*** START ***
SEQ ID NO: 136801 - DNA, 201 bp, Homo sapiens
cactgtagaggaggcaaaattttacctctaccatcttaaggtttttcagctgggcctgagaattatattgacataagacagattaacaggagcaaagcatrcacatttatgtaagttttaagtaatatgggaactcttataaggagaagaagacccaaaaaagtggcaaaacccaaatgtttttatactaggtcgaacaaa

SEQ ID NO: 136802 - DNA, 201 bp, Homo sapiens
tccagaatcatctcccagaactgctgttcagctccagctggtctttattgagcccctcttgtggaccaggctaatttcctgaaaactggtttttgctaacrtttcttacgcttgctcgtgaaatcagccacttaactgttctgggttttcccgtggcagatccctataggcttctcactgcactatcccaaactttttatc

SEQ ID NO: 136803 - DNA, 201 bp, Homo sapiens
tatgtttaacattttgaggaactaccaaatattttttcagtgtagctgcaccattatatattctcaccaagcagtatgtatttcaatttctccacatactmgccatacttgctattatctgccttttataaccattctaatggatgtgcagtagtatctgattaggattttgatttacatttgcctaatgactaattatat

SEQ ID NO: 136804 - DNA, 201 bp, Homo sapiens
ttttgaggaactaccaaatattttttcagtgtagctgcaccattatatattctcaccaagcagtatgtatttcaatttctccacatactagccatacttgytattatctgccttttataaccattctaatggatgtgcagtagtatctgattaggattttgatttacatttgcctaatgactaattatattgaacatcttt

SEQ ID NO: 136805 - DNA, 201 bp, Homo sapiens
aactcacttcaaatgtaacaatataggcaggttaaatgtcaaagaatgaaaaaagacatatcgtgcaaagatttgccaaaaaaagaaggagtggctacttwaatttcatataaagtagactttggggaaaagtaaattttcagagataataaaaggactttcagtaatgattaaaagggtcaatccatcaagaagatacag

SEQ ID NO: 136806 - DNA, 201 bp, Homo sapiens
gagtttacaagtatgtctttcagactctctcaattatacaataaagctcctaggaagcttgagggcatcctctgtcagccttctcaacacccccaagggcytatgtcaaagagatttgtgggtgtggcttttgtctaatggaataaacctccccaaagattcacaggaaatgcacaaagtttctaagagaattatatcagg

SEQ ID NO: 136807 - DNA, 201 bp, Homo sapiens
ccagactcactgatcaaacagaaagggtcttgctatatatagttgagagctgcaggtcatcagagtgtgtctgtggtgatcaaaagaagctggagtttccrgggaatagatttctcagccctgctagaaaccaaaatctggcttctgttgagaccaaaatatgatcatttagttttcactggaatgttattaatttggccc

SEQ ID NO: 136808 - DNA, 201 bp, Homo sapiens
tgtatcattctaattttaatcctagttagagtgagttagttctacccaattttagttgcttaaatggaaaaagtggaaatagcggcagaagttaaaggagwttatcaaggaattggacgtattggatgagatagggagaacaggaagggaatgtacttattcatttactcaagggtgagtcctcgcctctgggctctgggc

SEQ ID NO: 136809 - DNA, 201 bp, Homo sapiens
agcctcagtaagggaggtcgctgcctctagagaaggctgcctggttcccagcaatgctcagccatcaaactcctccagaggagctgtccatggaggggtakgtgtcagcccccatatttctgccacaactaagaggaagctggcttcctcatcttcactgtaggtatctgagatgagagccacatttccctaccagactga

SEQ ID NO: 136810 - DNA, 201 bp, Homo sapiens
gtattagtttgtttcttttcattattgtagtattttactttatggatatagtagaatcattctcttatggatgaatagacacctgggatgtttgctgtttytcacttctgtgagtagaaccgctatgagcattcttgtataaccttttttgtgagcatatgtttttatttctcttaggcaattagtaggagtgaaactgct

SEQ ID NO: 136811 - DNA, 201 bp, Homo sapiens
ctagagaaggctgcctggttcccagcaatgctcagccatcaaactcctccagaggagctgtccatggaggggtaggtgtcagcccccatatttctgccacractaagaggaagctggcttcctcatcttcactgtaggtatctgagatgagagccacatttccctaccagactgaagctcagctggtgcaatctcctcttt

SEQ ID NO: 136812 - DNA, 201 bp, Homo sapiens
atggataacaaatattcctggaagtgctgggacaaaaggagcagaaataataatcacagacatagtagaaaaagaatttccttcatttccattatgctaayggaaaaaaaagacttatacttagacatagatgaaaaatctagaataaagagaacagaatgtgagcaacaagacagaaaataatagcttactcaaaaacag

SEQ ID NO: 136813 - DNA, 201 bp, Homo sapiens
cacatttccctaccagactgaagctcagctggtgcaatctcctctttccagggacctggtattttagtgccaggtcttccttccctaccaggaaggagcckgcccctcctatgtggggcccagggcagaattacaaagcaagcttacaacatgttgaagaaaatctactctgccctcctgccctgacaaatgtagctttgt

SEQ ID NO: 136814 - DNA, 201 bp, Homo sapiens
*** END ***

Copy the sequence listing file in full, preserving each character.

SEQ ID NO: 136801 - DNA, 201 bp, Homo sapiens
cactgtagaggaggcaaaattttacctctaccatcttaaggtttttcagctgggcctgagaattatattgacataagacagattaacaggagcaaagcatrcacatttatgtaagttttaagtaatatgggaactcttataaggagaagaagacccaaaaaagtggcaaaacccaaatgtttttatactaggtcgaacaaa

SEQ ID NO: 136802 - DNA, 201 bp, Homo sapiens
tccagaatcatctcccagaactgctgttcagctccagctggtctttattgagcccctcttgtggaccaggctaatttcctgaaaactggtttttgctaacrtttcttacgcttgctcgtgaaatcagccacttaactgttctgggttttcccgtggcagatccctataggcttctcactgcactatcccaaactttttatc

SEQ ID NO: 136803 - DNA, 201 bp, Homo sapiens
tatgtttaacattttgaggaactaccaaatattttttcagtgtagctgcaccattatatattctcaccaagcagtatgtatttcaatttctccacatactmgccatacttgctattatctgccttttataaccattctaatggatgtgcagtagtatctgattaggattttgatttacatttgcctaatgactaattatat

SEQ ID NO: 136804 - DNA, 201 bp, Homo sapiens
ttttgaggaactaccaaatattttttcagtgtagctgcaccattatatattctcaccaagcagtatgtatttcaatttctccacatactagccatacttgytattatctgccttttataaccattctaatggatgtgcagtagtatctgattaggattttgatttacatttgcctaatgactaattatattgaacatcttt

SEQ ID NO: 136805 - DNA, 201 bp, Homo sapiens
aactcacttcaaatgtaacaatataggcaggttaaatgtcaaagaatgaaaaaagacatatcgtgcaaagatttgccaaaaaaagaaggagtggctacttwaatttcatataaagtagactttggggaaaagtaaattttcagagataataaaaggactttcagtaatgattaaaagggtcaatccatcaagaagatacag

SEQ ID NO: 136806 - DNA, 201 bp, Homo sapiens
gagtttacaagtatgtctttcagactctctcaattatacaataaagctcctaggaagcttgagggcatcctctgtcagccttctcaacacccccaagggcytatgtcaaagagatttgtgggtgtggcttttgtctaatggaataaacctccccaaagattcacaggaaatgcacaaagtttctaagagaattatatcagg

SEQ ID NO: 136807 - DNA, 201 bp, Homo sapiens
ccagactcactgatcaaacagaaagggtcttgctatatatagttgagagctgcaggtcatcagagtgtgtctgtggtgatcaaaagaagctggagtttccrgggaatagatttctcagccctgctagaaaccaaaatctggcttctgttgagaccaaaatatgatcatttagttttcactggaatgttattaatttggccc

SEQ ID NO: 136808 - DNA, 201 bp, Homo sapiens
tgtatcattctaattttaatcctagttagagtgagttagttctacccaattttagttgcttaaatggaaaaagtggaaatagcggcagaagttaaaggagwttatcaaggaattggacgtattggatgagatagggagaacaggaagggaatgtacttattcatttactcaagggtgagtcctcgcctctgggctctgggc

SEQ ID NO: 136809 - DNA, 201 bp, Homo sapiens
agcctcagtaagggaggtcgctgcctctagagaaggctgcctggttcccagcaatgctcagccatcaaactcctccagaggagctgtccatggaggggtakgtgtcagcccccatatttctgccacaactaagaggaagctggcttcctcatcttcactgtaggtatctgagatgagagccacatttccctaccagactga

SEQ ID NO: 136810 - DNA, 201 bp, Homo sapiens
gtattagtttgtttcttttcattattgtagtattttactttatggatatagtagaatcattctcttatggatgaatagacacctgggatgtttgctgtttytcacttctgtgagtagaaccgctatgagcattcttgtataaccttttttgtgagcatatgtttttatttctcttaggcaattagtaggagtgaaactgct

SEQ ID NO: 136811 - DNA, 201 bp, Homo sapiens
ctagagaaggctgcctggttcccagcaatgctcagccatcaaactcctccagaggagctgtccatggaggggtaggtgtcagcccccatatttctgccacractaagaggaagctggcttcctcatcttcactgtaggtatctgagatgagagccacatttccctaccagactgaagctcagctggtgcaatctcctcttt

SEQ ID NO: 136812 - DNA, 201 bp, Homo sapiens
atggataacaaatattcctggaagtgctgggacaaaaggagcagaaataataatcacagacatagtagaaaaagaatttccttcatttccattatgctaayggaaaaaaaagacttatacttagacatagatgaaaaatctagaataaagagaacagaatgtgagcaacaagacagaaaataatagcttactcaaaaacag

SEQ ID NO: 136813 - DNA, 201 bp, Homo sapiens
cacatttccctaccagactgaagctcagctggtgcaatctcctctttccagggacctggtattttagtgccaggtcttccttccctaccaggaaggagcckgcccctcctatgtggggcccagggcagaattacaaagcaagcttacaacatgttgaagaaaatctactctgccctcctgccctgacaaatgtagctttgt

SEQ ID NO: 136814 - DNA, 201 bp, Homo sapiens